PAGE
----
Photo: Courtesy of Jere Silber
Tell us a little bit about yourself and your background.
I am an accomplished writer, producer, and director with over forty-five years of experience working on radio, television, and theatrical productions. I was an award-winning camera operator on the show News Counterpoint on cable television. I won a Monty Award in 2001 on cable for writing, producing, and directing “Tree Story”. “Tree Story” was my first published children’s book. The audio book version of “Tree Story” was a nominee in the Spoken Word category of the 2001 Grammy Awards. “Up in the Sky” was my second children’s book. I wrote “Up in the Sky” to commemorate the birth of my first granddaughter. I have most recently published my third children’s book, entitled “Sycamore Says”. I studied Radio/Television Broadcasting at Montgomery College and screenwriting through the American Film Institute.
What inspired you to become a writer and producer?
The year was 1973, my girlfriend, at that time was scheduled to move with her family out of state on the day that I was to graduate from high school. Originally it was our intention to continue the relationship even after her move, but it came to an abrupt and bittersweet ending on the day that I received my first ever “Dear John” letter in the mail. As much as I was saddened and in pain, it turned out to be the driving force that would lead me into a phenomenal creative revolution.
It was the end of that relationship that catapulted me into an entirely new direction. I was on a mission when I discovered a new-found passion that came to light as I sat in a movie theater watching the worst movie that I had ever seen. Suddenly, it was at that place and at that time that my true calling came clearly into view. When I walked out of that movie theater on that evening, I knew precisely what I needed to do because I knew exactly what I wanted to be. I realized that I wanted to be a writer. A real genuine storyteller.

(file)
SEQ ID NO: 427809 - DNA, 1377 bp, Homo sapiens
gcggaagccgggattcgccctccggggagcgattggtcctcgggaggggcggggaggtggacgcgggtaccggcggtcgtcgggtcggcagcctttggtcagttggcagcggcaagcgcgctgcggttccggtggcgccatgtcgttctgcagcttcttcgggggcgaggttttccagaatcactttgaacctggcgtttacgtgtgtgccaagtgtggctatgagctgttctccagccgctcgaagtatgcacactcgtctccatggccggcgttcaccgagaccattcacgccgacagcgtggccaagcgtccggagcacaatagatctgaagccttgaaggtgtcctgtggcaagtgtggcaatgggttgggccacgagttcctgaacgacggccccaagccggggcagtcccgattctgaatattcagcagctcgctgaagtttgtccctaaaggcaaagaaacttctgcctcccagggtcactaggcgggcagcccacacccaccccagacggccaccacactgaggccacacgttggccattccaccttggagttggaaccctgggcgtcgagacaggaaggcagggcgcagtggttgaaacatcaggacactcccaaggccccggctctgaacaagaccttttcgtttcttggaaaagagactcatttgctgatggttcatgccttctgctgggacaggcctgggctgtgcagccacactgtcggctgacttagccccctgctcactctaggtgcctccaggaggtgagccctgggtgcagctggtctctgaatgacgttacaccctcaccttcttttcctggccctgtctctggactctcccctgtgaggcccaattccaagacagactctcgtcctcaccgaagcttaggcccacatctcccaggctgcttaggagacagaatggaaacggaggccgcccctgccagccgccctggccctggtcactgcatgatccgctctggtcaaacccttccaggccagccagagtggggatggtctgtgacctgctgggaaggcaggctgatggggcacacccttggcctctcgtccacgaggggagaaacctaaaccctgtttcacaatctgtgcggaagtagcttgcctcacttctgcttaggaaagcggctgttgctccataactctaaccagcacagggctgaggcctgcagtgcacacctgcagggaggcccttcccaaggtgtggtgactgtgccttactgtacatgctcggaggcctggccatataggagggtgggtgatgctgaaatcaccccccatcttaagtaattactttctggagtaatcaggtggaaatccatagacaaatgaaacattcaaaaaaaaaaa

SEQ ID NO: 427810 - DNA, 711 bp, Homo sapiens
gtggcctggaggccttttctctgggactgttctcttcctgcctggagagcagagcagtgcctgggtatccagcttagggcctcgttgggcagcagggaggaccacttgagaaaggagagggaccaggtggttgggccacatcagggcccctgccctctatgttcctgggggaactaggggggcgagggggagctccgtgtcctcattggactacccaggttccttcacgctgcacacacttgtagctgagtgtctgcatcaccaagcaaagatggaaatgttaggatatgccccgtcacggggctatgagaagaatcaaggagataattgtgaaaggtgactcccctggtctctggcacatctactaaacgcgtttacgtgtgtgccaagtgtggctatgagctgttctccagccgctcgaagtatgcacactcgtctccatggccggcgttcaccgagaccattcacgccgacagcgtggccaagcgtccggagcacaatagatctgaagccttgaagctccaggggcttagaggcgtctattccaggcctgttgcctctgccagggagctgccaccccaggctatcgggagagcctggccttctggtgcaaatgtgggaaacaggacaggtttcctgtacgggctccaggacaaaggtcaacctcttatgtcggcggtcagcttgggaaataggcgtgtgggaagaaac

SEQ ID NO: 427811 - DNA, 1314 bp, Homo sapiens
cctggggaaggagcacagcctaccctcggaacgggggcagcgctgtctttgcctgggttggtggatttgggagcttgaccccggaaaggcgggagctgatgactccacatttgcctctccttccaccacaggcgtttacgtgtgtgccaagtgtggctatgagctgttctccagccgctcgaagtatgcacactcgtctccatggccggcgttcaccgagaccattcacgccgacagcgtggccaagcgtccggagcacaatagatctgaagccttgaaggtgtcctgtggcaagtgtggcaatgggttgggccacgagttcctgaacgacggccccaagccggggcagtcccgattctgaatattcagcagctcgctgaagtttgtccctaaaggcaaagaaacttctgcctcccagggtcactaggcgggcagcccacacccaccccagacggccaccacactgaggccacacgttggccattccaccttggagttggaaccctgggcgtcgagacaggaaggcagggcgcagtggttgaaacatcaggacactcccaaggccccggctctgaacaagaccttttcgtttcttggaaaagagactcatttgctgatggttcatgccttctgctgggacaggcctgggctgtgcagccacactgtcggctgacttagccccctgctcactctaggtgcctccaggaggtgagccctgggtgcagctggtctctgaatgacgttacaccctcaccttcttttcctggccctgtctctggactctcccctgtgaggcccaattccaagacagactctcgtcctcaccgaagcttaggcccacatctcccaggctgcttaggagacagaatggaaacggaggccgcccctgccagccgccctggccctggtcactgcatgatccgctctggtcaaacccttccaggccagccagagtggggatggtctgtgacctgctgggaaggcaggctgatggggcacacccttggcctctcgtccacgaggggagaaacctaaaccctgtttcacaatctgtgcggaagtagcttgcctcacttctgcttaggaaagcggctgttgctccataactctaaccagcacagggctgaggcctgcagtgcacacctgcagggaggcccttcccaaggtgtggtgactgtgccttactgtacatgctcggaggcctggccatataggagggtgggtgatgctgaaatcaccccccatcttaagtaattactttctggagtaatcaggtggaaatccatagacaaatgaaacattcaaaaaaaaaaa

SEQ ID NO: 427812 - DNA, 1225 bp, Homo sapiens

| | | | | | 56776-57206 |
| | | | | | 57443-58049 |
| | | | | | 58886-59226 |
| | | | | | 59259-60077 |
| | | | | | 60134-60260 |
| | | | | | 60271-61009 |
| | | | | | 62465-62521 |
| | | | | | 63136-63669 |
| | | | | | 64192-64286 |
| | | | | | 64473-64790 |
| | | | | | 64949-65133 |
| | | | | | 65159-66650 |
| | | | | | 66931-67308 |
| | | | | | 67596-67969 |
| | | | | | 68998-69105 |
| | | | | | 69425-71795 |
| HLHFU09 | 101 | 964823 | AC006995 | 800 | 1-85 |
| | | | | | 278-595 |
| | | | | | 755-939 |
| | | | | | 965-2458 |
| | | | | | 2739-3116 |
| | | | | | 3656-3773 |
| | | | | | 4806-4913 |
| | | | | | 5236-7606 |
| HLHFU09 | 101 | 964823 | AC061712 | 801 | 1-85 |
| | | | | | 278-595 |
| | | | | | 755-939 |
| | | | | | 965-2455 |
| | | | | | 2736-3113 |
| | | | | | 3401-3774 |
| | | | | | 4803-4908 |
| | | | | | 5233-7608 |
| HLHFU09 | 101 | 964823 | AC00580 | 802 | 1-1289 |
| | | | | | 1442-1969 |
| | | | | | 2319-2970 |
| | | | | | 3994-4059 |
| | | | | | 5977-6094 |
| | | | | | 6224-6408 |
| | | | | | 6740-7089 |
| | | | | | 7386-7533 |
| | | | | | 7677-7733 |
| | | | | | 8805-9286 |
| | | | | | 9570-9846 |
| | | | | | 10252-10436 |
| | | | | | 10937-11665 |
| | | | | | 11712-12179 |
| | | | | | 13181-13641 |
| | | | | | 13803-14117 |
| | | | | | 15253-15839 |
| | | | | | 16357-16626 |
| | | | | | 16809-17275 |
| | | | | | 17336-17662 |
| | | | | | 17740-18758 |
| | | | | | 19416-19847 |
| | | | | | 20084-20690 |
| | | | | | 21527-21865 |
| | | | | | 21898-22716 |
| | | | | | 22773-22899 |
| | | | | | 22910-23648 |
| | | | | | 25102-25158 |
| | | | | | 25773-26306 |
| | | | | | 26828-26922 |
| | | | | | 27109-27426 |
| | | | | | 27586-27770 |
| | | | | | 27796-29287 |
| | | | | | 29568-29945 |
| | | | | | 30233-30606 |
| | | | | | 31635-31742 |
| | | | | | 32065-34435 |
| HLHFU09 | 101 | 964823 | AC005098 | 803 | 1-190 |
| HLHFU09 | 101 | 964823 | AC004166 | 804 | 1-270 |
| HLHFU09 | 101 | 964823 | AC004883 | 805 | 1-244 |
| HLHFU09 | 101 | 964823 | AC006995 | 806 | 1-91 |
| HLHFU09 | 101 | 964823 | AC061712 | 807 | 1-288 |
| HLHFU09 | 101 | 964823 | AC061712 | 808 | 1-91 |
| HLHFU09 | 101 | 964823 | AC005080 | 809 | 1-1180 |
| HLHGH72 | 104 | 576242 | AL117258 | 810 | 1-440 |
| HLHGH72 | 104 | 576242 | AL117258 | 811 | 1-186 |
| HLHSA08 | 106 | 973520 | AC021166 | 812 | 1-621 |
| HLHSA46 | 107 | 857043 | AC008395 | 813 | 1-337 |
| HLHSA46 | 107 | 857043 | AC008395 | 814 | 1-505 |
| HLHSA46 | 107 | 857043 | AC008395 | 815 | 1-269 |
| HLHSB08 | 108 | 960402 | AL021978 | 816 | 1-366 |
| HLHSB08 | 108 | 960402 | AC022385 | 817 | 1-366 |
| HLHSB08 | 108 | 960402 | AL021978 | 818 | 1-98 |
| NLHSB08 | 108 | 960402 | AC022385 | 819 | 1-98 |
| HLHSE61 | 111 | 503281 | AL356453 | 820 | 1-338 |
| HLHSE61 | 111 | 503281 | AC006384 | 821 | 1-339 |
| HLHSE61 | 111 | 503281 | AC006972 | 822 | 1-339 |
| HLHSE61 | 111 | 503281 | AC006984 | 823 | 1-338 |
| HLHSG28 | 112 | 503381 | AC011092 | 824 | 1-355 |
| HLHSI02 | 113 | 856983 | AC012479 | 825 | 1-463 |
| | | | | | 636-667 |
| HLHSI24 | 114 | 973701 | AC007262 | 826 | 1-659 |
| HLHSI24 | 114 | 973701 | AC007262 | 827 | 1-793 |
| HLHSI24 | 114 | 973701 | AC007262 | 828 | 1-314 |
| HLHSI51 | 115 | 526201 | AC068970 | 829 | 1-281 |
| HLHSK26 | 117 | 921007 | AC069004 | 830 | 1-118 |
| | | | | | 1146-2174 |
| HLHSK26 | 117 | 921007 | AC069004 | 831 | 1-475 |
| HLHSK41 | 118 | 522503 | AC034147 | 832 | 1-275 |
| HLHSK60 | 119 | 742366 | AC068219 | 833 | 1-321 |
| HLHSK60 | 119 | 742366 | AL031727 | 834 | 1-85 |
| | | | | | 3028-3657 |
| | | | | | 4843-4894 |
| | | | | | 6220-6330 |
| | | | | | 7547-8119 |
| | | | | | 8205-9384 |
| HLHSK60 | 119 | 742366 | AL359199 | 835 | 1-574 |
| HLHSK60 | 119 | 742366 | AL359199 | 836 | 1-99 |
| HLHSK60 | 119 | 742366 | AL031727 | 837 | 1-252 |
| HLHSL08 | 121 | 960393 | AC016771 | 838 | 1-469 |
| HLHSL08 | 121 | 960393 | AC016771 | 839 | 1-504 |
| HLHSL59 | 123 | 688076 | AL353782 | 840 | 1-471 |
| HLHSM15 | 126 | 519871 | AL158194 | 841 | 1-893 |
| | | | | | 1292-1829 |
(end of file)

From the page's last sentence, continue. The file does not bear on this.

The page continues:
When and where do you work? Do you have a writing routine?
I begin each day with the intention to create something inspiring. The goal is to always produce something that will not only stimulate me personally but will also possess a degree of social value as well!
Where do you take your inspiration from?
Many times, my inspiration comes from the events that are reported in the news. I have discovered that the top news stories give me the opportunity and the incentive to offer my views and insert my values into each story.
What projects are you currently working on?
My latest project is a documentary entitled “Sheingorn”. It is currently in Pre-Production.
The story follows an online diary that Dr. Larry Sheingorn had kept and updated almost daily up until the very day that he died. The documentary will be interlaced with the best footage from the thousands of hours of the various television shows and other projects that Dr. Larry Sheingorn created and produced. Larry Sheingorn was a genius. Not only was he an incredible eye surgeon, he also earned a great deal of respect for his contributions to a local community cable television station. He produced a wide range of television productions that aired both locally and nationally. He was not only acknowledged for the productions that he produced but was also recognized for the innovations that he introduced.
I will always be personally grateful to Dr. Larry Sheingorn because he was instrumental in getting me involved in television production. When Larry Sheingorn first discovered that he was sick he had never led on that he was keeping an online diary documenting his daily battle with esophageal cancer. It was not until after he had died that late one night while I was surfing on the internet that I happened to stumble across his online diary. I cried as I sat there and read every entry and stared at each picture that documented each day. When I had finished reading his online diary, I interpreted my finding it as a sign from Larry Sheingorn. To me, it was a clear indication of Larry saying, “Hey, I have already done all the work, now all you need to do is do what I taught you to do… get this thing produced”.
Which project have you enjoyed working on the most so far?